Our worms get regular doses of coffee grounds and tea leaves, toilet paper rolls and scrap paper and linens. They also get a lot of egg shells, banana peels, okara (when I cannot find a use for it in time), and bread that goes mouldy.
And they are thriving. Sure, we are still trying to figure out the right mix of brown and green (see pdf below) to add to the mix, but we are learning.
At six months, we even expanded our bin by adding a new layer. All winter things moved along fine, albeit a bit slowly. But as Spring set in, so did culture shock.
- Our worms were reluctant to move to the new layer.
- Worms were escaping both the bin and the balcony.
- Other bugs started to appear.
- The worm castings on the second layer were WET. We could not get them to dry.
We are now trying to manage moisture, bugs and a growing ickiness-factor (at least on my part, Jean-Francois seems to enjoy mucking around in the compost). And, we have no way to share our worm tea or our beautiful worm pooh with gardeners. The grounds here are landscaped by a company that has no interest in going green.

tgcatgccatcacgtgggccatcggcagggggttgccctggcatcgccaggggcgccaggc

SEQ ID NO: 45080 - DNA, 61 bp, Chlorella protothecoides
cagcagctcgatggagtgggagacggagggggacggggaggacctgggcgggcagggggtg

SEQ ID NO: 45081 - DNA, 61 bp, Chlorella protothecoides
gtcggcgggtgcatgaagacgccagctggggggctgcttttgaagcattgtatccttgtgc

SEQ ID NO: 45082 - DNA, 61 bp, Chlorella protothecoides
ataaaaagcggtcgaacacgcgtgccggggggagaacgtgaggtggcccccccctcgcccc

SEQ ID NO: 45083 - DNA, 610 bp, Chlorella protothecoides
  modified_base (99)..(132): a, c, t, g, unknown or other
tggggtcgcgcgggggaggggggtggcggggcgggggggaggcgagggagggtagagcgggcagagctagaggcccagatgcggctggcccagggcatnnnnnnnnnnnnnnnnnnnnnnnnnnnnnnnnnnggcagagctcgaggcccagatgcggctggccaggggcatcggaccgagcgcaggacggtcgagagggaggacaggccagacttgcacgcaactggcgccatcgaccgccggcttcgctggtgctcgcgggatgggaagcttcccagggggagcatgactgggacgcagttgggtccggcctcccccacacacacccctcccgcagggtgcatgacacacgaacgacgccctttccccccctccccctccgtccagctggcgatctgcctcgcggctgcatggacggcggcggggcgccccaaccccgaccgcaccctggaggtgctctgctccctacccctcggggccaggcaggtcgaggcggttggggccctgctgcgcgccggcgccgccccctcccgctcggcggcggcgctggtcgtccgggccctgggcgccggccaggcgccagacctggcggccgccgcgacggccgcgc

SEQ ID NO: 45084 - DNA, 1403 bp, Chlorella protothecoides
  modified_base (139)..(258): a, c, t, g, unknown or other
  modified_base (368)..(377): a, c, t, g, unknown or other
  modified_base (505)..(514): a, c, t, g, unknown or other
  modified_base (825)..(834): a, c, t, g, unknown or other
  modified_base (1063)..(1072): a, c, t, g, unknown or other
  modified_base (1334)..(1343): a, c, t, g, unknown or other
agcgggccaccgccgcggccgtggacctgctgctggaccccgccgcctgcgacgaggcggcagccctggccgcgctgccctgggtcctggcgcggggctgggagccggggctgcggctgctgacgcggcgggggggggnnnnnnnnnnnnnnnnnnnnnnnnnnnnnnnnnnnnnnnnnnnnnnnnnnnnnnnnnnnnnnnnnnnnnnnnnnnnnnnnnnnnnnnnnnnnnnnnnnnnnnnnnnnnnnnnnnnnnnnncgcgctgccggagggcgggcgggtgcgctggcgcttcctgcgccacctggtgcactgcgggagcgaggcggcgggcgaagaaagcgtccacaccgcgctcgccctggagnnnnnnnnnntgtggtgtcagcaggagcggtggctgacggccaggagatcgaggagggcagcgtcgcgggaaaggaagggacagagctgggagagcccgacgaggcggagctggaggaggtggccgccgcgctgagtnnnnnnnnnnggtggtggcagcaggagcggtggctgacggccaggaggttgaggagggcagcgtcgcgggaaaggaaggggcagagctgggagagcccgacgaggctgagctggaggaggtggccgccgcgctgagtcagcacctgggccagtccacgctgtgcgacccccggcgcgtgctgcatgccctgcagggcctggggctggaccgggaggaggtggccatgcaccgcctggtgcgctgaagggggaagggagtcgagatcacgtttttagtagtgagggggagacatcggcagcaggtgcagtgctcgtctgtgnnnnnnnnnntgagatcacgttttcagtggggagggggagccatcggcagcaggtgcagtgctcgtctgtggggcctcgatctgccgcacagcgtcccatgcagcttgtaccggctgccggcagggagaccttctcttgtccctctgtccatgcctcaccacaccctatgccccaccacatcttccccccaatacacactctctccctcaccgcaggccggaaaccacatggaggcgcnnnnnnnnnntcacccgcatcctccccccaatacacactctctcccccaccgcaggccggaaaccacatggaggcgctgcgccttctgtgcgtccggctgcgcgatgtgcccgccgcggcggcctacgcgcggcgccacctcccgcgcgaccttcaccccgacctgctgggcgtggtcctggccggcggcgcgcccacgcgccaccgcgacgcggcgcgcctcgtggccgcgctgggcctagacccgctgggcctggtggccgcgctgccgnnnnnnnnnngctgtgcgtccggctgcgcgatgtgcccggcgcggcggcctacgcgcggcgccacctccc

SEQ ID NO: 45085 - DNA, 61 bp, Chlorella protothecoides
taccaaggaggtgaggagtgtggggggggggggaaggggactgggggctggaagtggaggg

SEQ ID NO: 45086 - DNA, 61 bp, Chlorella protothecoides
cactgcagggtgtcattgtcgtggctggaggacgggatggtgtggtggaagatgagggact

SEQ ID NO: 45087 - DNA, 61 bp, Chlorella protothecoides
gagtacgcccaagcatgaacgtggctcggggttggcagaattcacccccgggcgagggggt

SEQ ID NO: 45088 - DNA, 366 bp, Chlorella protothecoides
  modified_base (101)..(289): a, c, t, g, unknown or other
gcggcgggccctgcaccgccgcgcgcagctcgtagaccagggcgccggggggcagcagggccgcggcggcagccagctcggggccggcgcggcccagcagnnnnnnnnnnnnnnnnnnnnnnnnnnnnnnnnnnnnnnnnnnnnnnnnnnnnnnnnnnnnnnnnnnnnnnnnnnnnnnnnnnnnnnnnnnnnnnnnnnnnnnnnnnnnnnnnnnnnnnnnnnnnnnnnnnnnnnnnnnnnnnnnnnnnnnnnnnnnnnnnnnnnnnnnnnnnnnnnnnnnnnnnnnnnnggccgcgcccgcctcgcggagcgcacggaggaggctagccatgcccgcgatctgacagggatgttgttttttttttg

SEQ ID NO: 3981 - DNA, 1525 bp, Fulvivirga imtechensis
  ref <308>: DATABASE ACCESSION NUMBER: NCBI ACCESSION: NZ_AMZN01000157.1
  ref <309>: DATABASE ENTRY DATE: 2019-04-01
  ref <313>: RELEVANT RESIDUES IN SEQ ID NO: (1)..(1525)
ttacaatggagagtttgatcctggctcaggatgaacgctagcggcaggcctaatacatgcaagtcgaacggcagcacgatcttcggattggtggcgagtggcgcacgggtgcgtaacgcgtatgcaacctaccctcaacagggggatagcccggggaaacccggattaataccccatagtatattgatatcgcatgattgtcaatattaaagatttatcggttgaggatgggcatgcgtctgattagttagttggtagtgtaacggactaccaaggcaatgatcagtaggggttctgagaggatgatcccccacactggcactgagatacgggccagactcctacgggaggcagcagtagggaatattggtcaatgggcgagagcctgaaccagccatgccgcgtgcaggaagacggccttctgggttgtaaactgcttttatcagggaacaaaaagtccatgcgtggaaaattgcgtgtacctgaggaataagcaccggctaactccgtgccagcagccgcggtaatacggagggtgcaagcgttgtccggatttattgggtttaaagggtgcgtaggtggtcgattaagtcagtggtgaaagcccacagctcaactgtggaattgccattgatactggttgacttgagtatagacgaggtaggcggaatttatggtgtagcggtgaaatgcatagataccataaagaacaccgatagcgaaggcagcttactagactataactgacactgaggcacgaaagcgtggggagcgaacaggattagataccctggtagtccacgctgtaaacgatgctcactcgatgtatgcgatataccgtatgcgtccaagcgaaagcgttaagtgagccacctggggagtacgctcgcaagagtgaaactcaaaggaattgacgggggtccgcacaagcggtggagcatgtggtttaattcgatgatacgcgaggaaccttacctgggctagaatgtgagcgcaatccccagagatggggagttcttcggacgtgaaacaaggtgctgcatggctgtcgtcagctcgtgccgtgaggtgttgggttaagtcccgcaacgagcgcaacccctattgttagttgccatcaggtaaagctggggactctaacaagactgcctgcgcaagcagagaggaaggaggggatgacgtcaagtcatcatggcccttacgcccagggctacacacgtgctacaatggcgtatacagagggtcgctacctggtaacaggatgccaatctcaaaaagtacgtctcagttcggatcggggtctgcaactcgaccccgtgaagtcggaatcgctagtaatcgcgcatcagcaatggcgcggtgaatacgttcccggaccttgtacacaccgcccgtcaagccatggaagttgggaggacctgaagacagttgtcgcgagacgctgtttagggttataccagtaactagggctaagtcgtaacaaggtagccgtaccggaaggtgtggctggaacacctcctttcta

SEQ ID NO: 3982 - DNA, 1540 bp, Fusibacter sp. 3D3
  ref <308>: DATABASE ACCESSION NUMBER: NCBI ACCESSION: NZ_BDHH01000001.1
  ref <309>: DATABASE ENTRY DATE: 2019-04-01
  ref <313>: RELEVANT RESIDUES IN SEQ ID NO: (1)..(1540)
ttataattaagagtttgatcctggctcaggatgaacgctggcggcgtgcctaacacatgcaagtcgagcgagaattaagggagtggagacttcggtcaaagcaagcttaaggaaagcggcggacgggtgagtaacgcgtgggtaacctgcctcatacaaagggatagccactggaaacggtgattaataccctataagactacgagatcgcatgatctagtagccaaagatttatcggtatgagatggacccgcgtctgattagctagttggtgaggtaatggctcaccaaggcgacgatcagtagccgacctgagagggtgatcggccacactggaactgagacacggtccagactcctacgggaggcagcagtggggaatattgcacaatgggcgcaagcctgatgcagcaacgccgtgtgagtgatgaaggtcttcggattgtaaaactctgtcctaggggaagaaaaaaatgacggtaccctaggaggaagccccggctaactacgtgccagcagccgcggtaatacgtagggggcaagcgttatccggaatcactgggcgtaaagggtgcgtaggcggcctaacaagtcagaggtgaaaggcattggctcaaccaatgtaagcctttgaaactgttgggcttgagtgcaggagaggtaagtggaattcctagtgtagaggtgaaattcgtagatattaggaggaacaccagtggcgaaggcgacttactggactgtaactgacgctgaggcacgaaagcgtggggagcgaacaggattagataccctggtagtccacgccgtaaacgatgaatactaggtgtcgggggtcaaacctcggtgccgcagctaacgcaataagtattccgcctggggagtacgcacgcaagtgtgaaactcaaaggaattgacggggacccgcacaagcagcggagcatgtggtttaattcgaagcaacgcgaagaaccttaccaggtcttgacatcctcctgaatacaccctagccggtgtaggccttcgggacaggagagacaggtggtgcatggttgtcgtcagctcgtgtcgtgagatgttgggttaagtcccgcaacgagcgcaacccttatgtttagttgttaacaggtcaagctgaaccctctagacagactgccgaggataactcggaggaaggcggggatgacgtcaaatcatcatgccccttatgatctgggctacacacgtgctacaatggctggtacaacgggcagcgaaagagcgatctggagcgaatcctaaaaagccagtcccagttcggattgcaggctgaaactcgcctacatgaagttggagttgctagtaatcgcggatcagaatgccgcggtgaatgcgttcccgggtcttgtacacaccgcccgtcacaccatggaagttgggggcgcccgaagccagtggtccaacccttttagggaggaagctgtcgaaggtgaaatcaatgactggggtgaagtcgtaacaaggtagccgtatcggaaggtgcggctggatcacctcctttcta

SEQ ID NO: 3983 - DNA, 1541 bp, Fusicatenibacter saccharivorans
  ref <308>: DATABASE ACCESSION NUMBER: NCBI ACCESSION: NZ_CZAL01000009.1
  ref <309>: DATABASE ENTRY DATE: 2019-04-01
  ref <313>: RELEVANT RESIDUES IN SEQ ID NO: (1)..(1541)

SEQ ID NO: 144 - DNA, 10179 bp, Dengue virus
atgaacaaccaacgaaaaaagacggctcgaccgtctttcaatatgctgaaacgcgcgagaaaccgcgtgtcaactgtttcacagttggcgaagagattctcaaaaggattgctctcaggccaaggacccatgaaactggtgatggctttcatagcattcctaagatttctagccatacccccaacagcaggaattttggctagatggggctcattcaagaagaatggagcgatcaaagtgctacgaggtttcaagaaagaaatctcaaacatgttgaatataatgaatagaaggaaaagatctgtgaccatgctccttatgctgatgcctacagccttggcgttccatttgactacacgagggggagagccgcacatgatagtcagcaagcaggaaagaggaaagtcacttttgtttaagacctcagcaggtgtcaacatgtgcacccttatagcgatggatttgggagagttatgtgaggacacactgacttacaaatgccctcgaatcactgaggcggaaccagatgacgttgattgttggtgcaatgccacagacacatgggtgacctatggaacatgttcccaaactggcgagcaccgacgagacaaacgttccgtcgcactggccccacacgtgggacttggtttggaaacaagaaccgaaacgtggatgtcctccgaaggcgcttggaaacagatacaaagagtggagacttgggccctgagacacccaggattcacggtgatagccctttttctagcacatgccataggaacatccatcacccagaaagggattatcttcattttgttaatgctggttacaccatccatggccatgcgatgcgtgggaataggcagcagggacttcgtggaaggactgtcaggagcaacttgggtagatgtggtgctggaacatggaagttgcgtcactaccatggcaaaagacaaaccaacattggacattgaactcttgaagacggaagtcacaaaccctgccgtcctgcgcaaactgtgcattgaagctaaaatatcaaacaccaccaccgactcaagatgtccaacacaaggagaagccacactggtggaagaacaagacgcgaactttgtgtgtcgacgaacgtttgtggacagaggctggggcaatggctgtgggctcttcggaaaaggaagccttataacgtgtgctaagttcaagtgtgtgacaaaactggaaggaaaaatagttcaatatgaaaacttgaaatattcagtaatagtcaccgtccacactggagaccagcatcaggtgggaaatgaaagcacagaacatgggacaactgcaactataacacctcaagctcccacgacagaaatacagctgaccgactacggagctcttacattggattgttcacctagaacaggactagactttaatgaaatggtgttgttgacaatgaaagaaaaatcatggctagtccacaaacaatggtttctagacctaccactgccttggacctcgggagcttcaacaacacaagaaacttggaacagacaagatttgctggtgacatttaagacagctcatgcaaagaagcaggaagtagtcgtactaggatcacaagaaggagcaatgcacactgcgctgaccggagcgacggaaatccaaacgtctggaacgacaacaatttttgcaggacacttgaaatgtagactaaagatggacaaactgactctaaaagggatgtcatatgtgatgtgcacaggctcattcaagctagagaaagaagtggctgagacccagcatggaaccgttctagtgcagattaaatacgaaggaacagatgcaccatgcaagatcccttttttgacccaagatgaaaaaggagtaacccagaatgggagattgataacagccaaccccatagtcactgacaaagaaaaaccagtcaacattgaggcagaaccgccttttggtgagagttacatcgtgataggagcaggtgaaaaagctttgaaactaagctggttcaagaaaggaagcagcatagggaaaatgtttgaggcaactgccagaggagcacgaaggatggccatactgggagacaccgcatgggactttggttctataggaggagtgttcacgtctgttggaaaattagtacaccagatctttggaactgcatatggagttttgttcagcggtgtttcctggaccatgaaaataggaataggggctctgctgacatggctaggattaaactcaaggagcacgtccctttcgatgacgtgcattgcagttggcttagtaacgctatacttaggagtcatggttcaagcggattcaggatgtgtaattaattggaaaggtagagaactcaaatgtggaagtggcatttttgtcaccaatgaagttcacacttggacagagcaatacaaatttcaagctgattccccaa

Any thoughts on how apartment building and condo dwellers can help urban gardens and communities by composting? We are moving to a street lined with apartments, and I’d love to find a community solution that we can advance. It may also be a way to help people eat better and waste less food BEFORE it goes to the compost.
I am not alone either. Others have written about the challenges facing us Urban Composters and some offer solutions. If you are square foot challenged, and lack a green thumb, but really want to try composting, here are a few resources we have found useful:
- The Urban Farm
- Garden Worms